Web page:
If you've been seeing an 'X' pop up in your texts lately, this is what you need to know about it.

The way they tell us about it is kinda funny ... but the message behind it is no laughing matter.

Texting and driving is a problem pretty much everyone is strongly against, but if we're really honest with ourselves, many of us have done it at least once.

When it comes to texting and driving, we've only had two (kinda crappy) options in the past. Now there's an awesome new third option when it comes to texting and driving.

Meet Joe. His mom has just sent him a text, but he's about to start driving.


Don't do it, Joe! Don't do it!

Option 1 is to ignore her text until he arrives at his destination.

He might come across as a jerk for cutting off their conversation. His mom might even start worrying because he suddenly stops responding (you know, because texting and driving can be dangerous). But he decides this is the best course of action. It's safer. Even if it makes his mom worry a bit.

Diagram 1: Mom worrying a bit

Option 2 is to sneak a quick text, maybe at a red light or when there's not much traffic around.

We might think we know how to text and drive safely, and we tell ourselves, "I'll just do it this one time." But the reality is we're risking lives. And not just our lives.

Diagram 2: Texting while driving and/or at a red light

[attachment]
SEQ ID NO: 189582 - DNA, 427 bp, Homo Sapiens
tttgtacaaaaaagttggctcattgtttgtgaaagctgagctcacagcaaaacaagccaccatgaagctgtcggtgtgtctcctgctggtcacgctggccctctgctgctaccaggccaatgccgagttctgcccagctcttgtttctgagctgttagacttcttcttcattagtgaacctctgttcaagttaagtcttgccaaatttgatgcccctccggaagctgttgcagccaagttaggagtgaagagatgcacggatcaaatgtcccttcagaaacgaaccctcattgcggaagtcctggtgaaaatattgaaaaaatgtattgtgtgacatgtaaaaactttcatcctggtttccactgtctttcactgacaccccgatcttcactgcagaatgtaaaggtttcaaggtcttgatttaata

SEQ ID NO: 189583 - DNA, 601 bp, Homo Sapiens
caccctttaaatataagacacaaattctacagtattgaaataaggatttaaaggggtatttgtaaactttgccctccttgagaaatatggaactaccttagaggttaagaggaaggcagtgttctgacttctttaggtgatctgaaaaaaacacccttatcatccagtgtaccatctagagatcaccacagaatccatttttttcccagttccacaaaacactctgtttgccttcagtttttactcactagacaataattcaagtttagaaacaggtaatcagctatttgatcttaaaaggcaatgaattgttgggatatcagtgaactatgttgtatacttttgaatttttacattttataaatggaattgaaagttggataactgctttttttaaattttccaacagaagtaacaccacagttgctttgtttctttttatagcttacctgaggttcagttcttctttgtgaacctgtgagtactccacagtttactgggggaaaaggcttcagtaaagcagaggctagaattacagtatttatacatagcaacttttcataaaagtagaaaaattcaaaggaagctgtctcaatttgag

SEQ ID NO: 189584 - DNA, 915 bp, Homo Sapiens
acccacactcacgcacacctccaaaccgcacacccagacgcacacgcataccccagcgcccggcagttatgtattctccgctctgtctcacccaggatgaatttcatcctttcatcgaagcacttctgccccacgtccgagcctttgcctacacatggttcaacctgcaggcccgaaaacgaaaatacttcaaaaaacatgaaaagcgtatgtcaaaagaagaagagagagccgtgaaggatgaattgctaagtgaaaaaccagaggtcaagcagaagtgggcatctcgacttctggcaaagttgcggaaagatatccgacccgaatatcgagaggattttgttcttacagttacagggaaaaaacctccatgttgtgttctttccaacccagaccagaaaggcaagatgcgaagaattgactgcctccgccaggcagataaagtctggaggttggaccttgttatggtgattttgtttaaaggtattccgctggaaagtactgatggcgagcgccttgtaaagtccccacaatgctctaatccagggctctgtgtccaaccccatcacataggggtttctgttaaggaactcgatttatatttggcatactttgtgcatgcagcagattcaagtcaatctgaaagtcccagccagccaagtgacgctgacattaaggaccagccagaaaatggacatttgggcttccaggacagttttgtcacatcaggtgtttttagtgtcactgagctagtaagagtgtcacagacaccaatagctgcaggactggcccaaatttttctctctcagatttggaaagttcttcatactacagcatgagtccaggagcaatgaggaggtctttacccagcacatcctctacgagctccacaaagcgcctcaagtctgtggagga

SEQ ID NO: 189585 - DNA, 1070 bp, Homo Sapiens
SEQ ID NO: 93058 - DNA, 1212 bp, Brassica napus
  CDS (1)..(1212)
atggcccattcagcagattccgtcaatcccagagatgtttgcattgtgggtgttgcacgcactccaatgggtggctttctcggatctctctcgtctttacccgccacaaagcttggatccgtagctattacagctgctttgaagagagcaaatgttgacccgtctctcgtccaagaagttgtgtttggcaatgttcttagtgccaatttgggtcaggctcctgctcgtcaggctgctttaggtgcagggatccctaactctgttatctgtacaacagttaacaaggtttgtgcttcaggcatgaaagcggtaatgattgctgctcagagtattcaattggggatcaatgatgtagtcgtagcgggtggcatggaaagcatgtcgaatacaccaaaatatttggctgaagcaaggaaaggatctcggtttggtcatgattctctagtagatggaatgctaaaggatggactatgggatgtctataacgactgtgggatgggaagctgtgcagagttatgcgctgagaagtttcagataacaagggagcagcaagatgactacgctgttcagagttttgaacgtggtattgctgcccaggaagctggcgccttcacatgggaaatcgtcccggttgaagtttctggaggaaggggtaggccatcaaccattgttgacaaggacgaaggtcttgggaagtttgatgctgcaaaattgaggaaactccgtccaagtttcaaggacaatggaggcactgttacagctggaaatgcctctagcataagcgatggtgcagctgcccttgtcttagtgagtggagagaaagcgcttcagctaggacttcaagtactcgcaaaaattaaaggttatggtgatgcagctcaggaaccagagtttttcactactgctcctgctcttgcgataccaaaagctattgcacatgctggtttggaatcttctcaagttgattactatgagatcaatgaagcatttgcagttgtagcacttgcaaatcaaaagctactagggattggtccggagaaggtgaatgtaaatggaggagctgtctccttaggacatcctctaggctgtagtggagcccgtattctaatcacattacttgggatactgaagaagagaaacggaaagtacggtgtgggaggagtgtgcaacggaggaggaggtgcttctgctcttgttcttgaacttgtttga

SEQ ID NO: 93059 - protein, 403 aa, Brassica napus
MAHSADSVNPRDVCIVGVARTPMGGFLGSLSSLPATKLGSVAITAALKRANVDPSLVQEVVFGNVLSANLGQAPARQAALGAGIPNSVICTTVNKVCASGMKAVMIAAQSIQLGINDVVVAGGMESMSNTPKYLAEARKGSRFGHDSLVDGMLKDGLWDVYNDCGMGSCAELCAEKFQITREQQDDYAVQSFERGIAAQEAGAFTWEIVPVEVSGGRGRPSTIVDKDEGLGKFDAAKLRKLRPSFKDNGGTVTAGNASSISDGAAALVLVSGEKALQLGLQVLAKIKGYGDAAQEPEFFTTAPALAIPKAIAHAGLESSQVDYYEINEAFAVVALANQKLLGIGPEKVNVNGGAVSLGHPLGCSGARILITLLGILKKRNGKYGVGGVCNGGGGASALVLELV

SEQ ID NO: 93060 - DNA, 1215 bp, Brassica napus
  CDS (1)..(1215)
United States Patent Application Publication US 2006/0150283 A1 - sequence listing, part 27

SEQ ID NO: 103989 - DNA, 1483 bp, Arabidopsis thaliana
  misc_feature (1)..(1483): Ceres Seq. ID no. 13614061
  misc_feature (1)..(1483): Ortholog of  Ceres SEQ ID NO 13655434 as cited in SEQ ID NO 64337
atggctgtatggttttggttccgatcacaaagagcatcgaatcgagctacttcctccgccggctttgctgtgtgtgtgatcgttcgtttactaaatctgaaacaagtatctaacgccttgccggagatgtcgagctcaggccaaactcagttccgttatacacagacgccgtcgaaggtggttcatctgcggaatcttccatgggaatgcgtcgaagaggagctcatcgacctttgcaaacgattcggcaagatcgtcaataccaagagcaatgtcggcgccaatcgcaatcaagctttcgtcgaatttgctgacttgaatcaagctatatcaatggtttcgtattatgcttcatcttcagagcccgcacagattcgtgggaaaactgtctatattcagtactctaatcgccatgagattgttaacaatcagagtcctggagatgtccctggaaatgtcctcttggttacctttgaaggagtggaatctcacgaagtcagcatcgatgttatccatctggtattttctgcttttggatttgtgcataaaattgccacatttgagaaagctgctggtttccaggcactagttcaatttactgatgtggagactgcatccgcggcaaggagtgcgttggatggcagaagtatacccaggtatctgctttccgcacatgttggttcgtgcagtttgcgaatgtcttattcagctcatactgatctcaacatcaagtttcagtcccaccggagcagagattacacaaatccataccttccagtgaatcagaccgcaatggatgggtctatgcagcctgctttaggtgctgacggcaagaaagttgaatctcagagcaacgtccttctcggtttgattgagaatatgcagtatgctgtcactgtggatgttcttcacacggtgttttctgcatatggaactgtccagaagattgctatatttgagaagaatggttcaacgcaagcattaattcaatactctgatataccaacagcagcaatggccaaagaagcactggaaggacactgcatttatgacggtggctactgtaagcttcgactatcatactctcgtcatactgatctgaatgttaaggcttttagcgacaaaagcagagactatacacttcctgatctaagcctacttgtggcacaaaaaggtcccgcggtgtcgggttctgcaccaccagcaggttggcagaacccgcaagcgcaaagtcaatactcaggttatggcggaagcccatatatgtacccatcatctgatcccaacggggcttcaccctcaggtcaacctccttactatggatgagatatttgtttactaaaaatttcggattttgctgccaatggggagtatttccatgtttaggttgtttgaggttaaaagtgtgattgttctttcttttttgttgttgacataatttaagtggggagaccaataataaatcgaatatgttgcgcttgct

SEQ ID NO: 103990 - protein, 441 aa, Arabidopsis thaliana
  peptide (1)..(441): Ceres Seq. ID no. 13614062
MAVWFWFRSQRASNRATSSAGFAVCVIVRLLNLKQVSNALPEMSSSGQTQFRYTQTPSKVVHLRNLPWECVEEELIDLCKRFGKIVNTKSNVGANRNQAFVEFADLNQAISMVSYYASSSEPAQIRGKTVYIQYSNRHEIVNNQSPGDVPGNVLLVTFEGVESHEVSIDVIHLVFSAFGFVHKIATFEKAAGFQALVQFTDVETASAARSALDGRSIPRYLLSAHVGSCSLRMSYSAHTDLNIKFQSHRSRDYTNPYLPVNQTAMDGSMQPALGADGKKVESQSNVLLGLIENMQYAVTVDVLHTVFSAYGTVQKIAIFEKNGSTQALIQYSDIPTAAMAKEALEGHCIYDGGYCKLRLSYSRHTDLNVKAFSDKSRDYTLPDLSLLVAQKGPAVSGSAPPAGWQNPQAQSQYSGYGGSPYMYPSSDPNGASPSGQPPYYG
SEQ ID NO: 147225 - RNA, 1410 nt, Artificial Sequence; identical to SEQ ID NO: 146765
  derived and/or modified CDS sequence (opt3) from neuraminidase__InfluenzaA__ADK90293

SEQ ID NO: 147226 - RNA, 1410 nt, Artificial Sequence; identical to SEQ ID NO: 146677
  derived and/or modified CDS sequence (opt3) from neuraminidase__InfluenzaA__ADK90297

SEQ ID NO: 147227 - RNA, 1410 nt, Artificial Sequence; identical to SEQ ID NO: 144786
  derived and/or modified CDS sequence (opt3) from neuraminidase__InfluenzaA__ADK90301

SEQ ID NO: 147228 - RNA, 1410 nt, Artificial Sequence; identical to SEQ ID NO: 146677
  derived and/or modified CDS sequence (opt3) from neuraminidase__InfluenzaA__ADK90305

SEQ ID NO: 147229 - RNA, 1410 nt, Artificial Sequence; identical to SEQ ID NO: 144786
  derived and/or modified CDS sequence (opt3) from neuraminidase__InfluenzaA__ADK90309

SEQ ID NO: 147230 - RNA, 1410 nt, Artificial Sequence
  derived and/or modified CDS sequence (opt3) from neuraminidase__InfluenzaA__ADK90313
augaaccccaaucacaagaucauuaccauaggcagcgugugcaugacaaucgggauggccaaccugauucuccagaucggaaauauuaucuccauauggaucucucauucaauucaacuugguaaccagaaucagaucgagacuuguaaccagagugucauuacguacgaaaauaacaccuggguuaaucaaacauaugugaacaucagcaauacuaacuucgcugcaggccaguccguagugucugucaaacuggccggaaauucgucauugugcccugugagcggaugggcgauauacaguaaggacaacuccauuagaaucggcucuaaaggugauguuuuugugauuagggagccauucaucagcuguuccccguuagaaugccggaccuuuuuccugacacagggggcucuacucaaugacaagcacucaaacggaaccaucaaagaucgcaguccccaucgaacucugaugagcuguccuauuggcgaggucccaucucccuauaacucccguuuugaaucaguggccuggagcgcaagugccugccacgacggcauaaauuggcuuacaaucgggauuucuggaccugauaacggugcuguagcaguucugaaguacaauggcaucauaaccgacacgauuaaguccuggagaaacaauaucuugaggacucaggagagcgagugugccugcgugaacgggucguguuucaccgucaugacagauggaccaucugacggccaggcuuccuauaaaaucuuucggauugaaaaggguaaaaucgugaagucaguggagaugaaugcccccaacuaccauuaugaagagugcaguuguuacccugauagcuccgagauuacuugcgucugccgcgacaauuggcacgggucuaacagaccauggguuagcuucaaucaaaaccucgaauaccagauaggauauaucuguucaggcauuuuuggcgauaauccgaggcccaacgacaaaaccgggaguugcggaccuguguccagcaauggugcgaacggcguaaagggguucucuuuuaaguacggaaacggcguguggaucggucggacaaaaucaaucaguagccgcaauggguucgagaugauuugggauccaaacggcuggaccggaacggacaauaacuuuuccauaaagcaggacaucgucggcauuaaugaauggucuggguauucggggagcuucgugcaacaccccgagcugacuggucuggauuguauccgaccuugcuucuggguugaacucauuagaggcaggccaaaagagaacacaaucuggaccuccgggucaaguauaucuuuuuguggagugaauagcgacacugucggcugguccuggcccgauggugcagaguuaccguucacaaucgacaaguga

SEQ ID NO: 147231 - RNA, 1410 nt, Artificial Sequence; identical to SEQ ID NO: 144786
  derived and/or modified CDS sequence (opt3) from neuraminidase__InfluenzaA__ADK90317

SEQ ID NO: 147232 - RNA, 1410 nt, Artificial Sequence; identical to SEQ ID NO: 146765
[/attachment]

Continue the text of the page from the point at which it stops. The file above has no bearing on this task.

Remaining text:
Option 3 is the newest option, and one I hope more people embrace. It's called #X.

It's a movement that was originally created by the It Can Wait campaign to prevent texting and driving, and now it's taking off. Celebrities like Demi Lovato and Rascal Flatts have helped to make the #X movement mainstream.

Diagram 3: Hashtag X

When you're about to start driving, send the person you were texting a "#X" message to let them know that you're about to drive and you'll respond once you've stopped.

FACT: Cell phones are involved in about 1.6 million auto-related accidents annually.

Pause your conversation to save your life and someone else's.

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Facebook / Mikhail Galin

Putting your pet in cargo during a flight isn't always safe. In 2016, the Department of Transportation reported a total of 26 pet deaths and 22 injuries on flights. Because conditions in cargo can be uncomfortable for animals, the Humane Society recommends taking your pet aboard when you fly, or just leaving it at home.

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